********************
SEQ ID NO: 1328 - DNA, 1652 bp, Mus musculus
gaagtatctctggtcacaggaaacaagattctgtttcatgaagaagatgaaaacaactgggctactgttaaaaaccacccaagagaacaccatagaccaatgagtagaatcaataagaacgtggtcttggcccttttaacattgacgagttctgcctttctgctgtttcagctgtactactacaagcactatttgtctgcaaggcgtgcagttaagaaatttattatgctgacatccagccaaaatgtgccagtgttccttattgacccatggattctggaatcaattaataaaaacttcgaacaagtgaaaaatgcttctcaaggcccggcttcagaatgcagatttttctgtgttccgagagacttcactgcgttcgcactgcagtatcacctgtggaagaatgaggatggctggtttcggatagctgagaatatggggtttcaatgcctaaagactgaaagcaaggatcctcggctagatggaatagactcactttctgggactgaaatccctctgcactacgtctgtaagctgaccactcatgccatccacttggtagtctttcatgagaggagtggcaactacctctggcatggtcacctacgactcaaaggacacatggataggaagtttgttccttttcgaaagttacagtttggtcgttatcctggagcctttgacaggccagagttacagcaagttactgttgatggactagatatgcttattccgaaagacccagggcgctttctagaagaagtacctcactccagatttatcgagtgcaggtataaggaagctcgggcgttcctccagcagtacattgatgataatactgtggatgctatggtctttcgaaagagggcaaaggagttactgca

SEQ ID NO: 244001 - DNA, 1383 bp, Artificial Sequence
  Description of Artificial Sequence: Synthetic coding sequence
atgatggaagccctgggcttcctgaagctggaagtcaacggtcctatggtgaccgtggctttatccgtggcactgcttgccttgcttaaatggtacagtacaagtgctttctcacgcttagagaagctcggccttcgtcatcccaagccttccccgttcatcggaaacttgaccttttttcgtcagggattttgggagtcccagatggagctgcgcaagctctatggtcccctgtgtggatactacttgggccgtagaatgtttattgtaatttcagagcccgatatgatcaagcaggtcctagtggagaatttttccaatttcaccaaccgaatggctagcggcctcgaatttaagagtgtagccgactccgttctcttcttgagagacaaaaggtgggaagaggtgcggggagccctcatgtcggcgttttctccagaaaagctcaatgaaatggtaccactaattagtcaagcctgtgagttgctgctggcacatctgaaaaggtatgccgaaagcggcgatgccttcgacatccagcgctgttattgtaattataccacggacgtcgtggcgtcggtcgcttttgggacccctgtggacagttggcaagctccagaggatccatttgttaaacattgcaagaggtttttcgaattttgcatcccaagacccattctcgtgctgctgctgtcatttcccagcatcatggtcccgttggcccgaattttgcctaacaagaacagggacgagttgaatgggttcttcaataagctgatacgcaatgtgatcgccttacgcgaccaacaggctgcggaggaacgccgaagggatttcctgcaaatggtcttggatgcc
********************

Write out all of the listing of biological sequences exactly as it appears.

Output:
SEQ ID NO: 1328 - DNA, 1652 bp, Mus musculus
gaagtatctctggtcacaggaaacaagattctgtttcatgaagaagatgaaaacaactgggctactgttaaaaaccacccaagagaacaccatagaccaatgagtagaatcaataagaacgtggtcttggcccttttaacattgacgagttctgcctttctgctgtttcagctgtactactacaagcactatttgtctgcaaggcgtgcagttaagaaatttattatgctgacatccagccaaaatgtgccagtgttccttattgacccatggattctggaatcaattaataaaaacttcgaacaagtgaaaaatgcttctcaaggcccggcttcagaatgcagatttttctgtgttccgagagacttcactgcgttcgcactgcagtatcacctgtggaagaatgaggatggctggtttcggatagctgagaatatggggtttcaatgcctaaagactgaaagcaaggatcctcggctagatggaatagactcactttctgggactgaaatccctctgcactacgtctgtaagctgaccactcatgccatccacttggtagtctttcatgagaggagtggcaactacctctggcatggtcacctacgactcaaaggacacatggataggaagtttgttccttttcgaaagttacagtttggtcgttatcctggagcctttgacaggccagagttacagcaagttactgttgatggactagatatgcttattccgaaagacccagggcgctttctagaagaagtacctcactccagatttatcgagtgcaggtataaggaagctcgggcgttcctccagcagtacattgatgataatactgtggatgctatggtctttcgaaagagggcaaaggagttactgca

SEQ ID NO: 244001 - DNA, 1383 bp, Artificial Sequence
  Description of Artificial Sequence: Synthetic coding sequence
atgatggaagccctgggcttcctgaagctggaagtcaacggtcctatggtgaccgtggctttatccgtggcactgcttgccttgcttaaatggtacagtacaagtgctttctcacgcttagagaagctcggccttcgtcatcccaagccttccccgttcatcggaaacttgaccttttttcgtcagggattttgggagtcccagatggagctgcgcaagctctatggtcccctgtgtggatactacttgggccgtagaatgtttattgtaatttcagagcccgatatgatcaagcaggtcctagtggagaatttttccaatttcaccaaccgaatggctagcggcctcgaatttaagagtgtagccgactccgttctcttcttgagagacaaaaggtgggaagaggtgcggggagccctcatgtcggcgttttctccagaaaagctcaatgaaatggtaccactaattagtcaagcctgtgagttgctgctggcacatctgaaaaggtatgccgaaagcggcgatgccttcgacatccagcgctgttattgtaattataccacggacgtcgtggcgtcggtcgcttttgggacccctgtggacagttggcaagctccagaggatccatttgttaaacattgcaagaggtttttcgaattttgcatcccaagacccattctcgtgctgctgctgtcatttcccagcatcatggtcccgttggcccgaattttgcctaacaagaacagggacgagttgaatgggttcttcaataagctgatacgcaatgtgatcgccttacgcgaccaacaggctgcggaggaacgccgaagggatttcctgcaaatggtcttggatgcc